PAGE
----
As the road snuck through a bare grove of aspen, Jenny finally found a sign of life. A side road, and two cabins, one with smoke tripping from the chimney. But Ellis’s van wasn’t there, and no recent tracks marred the three inches of new snow on the plowed driveway. Jenny drove on. Five minutes later, she found the tracks she’d been expecting and took a right onto a side road. When she eased around the next bend, she had to slam on her brakes so hard that she slid nearly ten feet and skidded along the edge of a ditch for a precarious few seconds.
But it wasn’t Ellis’s van coming toward her. It was a sheriff’s truck. She was so sure that it was Nate that when the deputy got out of the truck and started toward her, she only felt confusion at his blond hair. She didn’t even notice the two other deputies. Or the fact that their guns were drawn. Not until she turned her head and found herself staring into the barrel of a handgun.
For the first time, the thought of running had come too late, and now she was caught in a way she’d never expected.
* * *
in custody, Nate counted himself done. Victor had shown up first, blasting music and so high already that he’d stared stupidly at the arresting officer for a good three minutes before alarm had kicked in.
Ellis had followed fifteen minutes later, and it was done. Nate had expected to feel relief, but he’d only felt tired as he’d trudged down to the cabin and finally gotten a good look inside the greenhouse. “Jesus,” he said as soon as he ducked under the plastic sheeting. “This is the most pitiful pot-growing operation I’ve ever seen.”
The techs had apparently been having the same conversation, because they burst into hysterical laughter. Any worries that this was connected to a big operation were completely assuaged by the sight of the mishmash of random heating lamps and leaking water containers. And the plants themselves looked—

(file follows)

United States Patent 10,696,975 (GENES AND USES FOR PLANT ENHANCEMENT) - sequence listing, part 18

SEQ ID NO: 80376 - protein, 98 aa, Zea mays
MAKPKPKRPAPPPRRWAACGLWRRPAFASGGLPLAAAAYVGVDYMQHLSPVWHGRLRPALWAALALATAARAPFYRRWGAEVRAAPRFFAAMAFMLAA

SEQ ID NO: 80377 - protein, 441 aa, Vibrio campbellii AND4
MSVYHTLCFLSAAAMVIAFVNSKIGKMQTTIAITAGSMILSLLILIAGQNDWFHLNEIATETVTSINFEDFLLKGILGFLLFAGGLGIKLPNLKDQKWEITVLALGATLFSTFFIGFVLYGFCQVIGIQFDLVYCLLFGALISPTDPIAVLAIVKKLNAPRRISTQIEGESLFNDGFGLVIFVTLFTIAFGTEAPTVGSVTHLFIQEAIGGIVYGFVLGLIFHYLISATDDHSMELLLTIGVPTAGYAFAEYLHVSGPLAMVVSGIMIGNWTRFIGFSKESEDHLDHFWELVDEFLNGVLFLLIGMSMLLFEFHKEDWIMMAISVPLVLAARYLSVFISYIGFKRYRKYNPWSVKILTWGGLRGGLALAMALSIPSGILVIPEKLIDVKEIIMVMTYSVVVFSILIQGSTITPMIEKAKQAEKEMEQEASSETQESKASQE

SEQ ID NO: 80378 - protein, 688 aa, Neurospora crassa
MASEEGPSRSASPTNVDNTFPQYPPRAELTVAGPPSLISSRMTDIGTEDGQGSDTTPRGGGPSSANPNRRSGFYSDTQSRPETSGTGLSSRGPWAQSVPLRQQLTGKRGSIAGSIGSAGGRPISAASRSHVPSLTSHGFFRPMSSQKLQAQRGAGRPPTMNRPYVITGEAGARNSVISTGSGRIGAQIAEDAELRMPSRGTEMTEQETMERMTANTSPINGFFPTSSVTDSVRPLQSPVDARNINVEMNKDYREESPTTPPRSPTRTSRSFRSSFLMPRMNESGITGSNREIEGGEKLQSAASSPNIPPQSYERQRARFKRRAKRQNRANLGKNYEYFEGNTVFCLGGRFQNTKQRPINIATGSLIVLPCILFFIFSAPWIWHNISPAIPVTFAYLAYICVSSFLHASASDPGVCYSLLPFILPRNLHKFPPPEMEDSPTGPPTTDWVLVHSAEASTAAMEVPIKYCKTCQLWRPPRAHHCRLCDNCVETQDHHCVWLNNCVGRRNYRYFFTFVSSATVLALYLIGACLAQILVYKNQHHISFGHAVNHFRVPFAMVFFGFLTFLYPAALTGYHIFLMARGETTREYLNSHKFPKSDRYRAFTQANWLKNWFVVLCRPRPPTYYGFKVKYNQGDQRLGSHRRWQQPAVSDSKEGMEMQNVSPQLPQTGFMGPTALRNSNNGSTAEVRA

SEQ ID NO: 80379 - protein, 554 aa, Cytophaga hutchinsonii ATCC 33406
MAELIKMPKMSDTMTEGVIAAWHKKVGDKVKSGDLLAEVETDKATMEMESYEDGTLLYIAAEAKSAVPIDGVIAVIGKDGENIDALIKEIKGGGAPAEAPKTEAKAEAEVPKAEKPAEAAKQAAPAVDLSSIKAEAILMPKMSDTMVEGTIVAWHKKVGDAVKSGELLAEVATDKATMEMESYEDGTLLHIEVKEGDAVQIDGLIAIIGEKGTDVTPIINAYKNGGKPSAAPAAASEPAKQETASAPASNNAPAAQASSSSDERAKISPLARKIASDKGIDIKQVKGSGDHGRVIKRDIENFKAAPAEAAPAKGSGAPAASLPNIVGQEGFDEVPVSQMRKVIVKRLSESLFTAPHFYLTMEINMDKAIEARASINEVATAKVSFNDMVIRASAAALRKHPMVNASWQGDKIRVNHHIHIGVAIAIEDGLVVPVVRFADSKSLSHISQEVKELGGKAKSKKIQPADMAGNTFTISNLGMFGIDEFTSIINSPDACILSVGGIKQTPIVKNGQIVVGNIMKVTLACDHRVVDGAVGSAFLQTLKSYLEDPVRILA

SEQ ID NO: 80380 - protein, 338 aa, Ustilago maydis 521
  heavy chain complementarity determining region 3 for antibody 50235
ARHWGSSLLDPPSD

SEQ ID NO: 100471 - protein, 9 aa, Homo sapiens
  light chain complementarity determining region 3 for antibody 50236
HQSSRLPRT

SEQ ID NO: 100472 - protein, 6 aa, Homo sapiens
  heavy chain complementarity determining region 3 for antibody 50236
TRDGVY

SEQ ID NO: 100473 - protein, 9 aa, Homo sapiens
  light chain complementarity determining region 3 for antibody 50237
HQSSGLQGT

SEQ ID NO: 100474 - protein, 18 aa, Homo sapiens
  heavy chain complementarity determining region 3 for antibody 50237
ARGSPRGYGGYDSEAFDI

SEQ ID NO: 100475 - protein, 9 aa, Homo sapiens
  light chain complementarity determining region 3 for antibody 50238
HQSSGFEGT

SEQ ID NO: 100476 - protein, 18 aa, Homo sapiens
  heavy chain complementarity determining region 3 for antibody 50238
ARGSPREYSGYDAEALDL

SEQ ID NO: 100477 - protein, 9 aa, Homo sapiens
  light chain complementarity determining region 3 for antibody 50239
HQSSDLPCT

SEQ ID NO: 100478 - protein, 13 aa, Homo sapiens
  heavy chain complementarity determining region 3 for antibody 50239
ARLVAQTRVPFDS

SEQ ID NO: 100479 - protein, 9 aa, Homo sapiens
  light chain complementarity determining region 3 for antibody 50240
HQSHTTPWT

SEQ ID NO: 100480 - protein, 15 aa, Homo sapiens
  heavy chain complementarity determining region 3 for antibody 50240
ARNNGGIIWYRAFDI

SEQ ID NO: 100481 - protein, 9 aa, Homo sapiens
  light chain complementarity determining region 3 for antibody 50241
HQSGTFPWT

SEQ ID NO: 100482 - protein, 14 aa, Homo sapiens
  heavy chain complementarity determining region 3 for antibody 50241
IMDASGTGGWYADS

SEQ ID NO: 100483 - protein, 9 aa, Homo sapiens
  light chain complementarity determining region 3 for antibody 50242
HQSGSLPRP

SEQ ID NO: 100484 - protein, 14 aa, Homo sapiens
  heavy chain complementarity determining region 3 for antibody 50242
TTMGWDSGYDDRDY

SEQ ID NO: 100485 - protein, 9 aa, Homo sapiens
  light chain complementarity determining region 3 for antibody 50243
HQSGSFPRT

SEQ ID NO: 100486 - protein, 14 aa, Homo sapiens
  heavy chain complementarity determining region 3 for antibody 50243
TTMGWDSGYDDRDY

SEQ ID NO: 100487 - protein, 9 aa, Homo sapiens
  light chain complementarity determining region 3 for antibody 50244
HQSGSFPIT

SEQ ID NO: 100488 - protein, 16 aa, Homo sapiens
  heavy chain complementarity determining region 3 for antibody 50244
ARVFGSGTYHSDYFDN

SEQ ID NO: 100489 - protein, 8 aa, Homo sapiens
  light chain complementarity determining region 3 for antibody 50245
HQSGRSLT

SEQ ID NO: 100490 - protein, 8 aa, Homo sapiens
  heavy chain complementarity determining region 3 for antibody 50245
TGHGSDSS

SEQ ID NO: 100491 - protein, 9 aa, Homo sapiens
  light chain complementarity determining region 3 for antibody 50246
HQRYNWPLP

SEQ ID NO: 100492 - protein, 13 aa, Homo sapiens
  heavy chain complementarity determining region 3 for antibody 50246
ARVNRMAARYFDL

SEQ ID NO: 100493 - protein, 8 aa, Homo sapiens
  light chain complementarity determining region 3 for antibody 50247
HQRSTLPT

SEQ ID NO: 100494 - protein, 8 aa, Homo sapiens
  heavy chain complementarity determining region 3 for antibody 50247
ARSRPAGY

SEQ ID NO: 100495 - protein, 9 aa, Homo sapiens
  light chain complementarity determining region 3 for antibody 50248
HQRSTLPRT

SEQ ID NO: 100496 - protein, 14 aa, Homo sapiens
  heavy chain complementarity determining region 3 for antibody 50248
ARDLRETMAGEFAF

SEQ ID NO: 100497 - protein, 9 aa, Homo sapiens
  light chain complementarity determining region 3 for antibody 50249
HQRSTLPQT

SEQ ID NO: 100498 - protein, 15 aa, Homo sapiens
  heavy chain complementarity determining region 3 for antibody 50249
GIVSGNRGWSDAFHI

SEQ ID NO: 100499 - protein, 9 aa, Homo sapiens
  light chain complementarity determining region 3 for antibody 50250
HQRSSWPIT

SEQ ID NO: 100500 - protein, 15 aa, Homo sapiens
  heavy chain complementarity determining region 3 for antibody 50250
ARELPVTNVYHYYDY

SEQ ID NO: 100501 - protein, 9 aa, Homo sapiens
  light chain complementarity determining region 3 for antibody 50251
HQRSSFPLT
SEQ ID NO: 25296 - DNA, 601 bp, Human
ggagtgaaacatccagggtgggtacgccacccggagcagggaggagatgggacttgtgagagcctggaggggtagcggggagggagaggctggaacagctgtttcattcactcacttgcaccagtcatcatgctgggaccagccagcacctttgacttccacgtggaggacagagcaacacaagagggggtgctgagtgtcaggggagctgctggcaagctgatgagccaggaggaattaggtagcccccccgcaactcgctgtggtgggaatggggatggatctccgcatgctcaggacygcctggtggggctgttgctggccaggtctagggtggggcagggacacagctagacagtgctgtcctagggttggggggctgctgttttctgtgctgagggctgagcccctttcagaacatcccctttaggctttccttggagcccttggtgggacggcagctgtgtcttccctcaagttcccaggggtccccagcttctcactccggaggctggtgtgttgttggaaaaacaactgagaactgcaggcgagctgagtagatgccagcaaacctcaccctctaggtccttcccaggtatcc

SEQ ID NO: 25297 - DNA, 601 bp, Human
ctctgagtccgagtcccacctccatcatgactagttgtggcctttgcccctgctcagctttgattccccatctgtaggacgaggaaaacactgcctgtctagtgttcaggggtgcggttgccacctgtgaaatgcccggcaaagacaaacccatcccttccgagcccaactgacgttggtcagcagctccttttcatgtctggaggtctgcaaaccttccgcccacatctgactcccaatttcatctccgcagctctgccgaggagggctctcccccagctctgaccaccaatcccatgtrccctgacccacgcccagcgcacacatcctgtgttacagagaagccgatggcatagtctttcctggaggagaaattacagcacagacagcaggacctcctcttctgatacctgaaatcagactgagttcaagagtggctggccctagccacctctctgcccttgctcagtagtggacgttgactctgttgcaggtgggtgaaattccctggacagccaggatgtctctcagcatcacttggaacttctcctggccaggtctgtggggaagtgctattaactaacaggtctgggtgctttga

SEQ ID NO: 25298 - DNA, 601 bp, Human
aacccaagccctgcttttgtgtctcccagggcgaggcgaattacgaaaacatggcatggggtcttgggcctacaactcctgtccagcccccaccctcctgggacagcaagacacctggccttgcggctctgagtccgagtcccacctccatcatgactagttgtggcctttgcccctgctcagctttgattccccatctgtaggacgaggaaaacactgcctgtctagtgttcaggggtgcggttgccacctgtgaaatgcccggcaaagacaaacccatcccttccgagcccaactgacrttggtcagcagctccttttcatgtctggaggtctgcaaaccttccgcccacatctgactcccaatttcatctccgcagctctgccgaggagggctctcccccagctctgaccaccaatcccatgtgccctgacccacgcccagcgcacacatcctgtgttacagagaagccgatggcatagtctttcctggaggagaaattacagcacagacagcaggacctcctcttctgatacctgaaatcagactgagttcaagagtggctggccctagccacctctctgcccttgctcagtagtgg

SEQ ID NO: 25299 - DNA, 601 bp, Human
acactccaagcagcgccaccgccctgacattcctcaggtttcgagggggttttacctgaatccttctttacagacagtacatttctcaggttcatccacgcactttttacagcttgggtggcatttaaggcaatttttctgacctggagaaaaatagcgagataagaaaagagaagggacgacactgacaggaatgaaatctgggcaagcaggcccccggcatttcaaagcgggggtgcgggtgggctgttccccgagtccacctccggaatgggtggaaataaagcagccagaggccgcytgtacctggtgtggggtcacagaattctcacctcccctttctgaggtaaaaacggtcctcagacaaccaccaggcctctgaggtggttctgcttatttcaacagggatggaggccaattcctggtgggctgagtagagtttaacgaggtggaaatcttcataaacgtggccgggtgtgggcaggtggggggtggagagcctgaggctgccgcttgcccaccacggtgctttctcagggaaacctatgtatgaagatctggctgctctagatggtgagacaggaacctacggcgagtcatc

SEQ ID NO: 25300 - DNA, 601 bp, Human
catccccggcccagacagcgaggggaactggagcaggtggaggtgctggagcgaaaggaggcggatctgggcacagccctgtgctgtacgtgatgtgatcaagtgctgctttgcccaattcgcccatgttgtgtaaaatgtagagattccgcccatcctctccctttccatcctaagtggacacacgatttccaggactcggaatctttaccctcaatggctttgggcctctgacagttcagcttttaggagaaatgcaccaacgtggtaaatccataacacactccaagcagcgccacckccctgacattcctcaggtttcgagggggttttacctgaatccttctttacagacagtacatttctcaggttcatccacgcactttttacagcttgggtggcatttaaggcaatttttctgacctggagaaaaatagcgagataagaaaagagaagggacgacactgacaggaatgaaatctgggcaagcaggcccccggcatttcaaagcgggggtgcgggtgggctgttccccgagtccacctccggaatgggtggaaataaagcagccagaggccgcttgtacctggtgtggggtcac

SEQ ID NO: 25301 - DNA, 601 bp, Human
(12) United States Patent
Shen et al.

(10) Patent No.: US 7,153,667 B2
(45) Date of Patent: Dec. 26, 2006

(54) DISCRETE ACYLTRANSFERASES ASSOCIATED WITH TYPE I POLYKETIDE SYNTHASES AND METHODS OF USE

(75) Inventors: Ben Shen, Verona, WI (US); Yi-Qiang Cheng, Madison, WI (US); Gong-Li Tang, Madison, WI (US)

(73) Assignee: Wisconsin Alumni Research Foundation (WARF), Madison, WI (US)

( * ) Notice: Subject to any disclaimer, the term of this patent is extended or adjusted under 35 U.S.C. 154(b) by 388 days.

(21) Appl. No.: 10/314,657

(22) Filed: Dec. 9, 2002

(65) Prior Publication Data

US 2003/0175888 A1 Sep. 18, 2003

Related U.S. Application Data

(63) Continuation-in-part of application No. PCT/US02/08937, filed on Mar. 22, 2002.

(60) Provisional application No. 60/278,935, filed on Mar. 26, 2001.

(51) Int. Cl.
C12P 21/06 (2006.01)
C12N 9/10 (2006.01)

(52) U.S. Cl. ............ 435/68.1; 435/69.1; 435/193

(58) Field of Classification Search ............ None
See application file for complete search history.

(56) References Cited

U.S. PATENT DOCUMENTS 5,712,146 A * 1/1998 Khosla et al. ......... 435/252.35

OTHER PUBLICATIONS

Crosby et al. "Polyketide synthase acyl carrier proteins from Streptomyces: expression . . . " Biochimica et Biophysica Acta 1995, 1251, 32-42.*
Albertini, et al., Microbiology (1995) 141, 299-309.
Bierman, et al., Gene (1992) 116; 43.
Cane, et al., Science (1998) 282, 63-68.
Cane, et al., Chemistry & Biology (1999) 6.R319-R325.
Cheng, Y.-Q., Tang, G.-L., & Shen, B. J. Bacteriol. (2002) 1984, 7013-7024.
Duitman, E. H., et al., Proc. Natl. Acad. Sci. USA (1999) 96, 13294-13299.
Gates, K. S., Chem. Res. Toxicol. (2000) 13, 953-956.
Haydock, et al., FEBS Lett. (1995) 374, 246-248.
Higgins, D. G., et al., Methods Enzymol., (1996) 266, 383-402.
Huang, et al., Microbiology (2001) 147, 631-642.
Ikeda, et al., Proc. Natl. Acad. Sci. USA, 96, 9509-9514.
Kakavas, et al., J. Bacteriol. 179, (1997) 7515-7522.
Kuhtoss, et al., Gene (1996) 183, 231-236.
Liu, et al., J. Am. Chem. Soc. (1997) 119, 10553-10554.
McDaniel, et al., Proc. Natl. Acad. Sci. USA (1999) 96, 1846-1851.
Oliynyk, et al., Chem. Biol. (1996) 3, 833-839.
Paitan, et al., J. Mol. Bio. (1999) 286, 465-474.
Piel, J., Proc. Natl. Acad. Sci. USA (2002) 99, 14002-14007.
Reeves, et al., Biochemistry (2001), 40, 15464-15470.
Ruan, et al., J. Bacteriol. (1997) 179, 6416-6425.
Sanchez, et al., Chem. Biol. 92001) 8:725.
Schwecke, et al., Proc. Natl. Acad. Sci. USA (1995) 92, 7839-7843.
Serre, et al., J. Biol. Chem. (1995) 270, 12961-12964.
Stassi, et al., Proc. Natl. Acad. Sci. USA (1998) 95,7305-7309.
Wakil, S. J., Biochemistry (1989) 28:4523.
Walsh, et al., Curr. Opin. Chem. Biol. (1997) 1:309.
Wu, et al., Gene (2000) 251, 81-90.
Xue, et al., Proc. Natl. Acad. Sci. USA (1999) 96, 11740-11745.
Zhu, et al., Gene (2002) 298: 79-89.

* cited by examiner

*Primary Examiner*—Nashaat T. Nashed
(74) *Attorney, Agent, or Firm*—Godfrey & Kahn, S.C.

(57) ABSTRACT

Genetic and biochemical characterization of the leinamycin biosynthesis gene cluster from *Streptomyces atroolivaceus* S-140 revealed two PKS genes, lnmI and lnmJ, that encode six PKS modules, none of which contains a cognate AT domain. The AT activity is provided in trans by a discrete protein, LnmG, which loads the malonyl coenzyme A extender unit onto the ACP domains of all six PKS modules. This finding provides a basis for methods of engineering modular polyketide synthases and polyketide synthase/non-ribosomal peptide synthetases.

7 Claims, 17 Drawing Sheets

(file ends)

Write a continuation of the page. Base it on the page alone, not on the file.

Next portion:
“Good Christ,” his sergeant barked. “That’s the saddest crop of marijuana I’ve ever seen.”
More laughter from the techs, and even Nate felt a smile tug at his mouth. He should’ve taken a closer look yesterday. If he’d seen these two dozen pitiful stalks, he’d have known that he and Luis could’ve quietly taken care of this problem themselves. Hell, they could’ve even made it look like a warning from a real drug operation. Oh, well. It didn’t change the fact that Victor had abused his uncle’s generosity, desecrated a place that meant a lot to the family and endangered his minor cousin. The kid deserved a good scare, not to mention a penalty.
“Got another one, Sergeant,” one of the other deputies said from the makeshift doorway.
Nate’s head jerked up at that. “Who?”
The guy shrugged. “I don’t know. A woman in an old-school Camaro.”
“Pulled up a few minutes after we cuffed Ellis Stone.”
Jenny was here. She’d known exactly what was going on the whole time. Damn. Just...
He could feel his sergeant’s eyes on his face, and Nate hoped he didn’t look as green as he felt.
“I won’t interfere.”
“Good. We’ll sort it out at headquarters.”
“Got it.” His voice sounded remarkably light considering the weight in his chest. “I’ll head over now.”
Nate felt the blankness on his own face as he walked through the trees to his truck and got in. As he pulled off the camping road, he called Luis and listened to the broken ring of a bad connection in his ear. Up ahead was her yellow car, bright against the snow and the dark green horde of sheriff’s vehicles.
“Nate,” his cousin said.
“Luis, it’s done. We’ve arrested Victor and some accomplices. The plants will be destroyed, though the rest of the cleanup will be up to you. We’re not very good at helping out with that kind of thing. But...”
He edged past her car, and he thought the danger was over, but as he passed a marked patrol car, Nate saw her in the backseat, her face shockingly pale against the dark interior. Her head turned toward him just as he turned away.
“But it’s done,” he told his cousin. “It’s done.”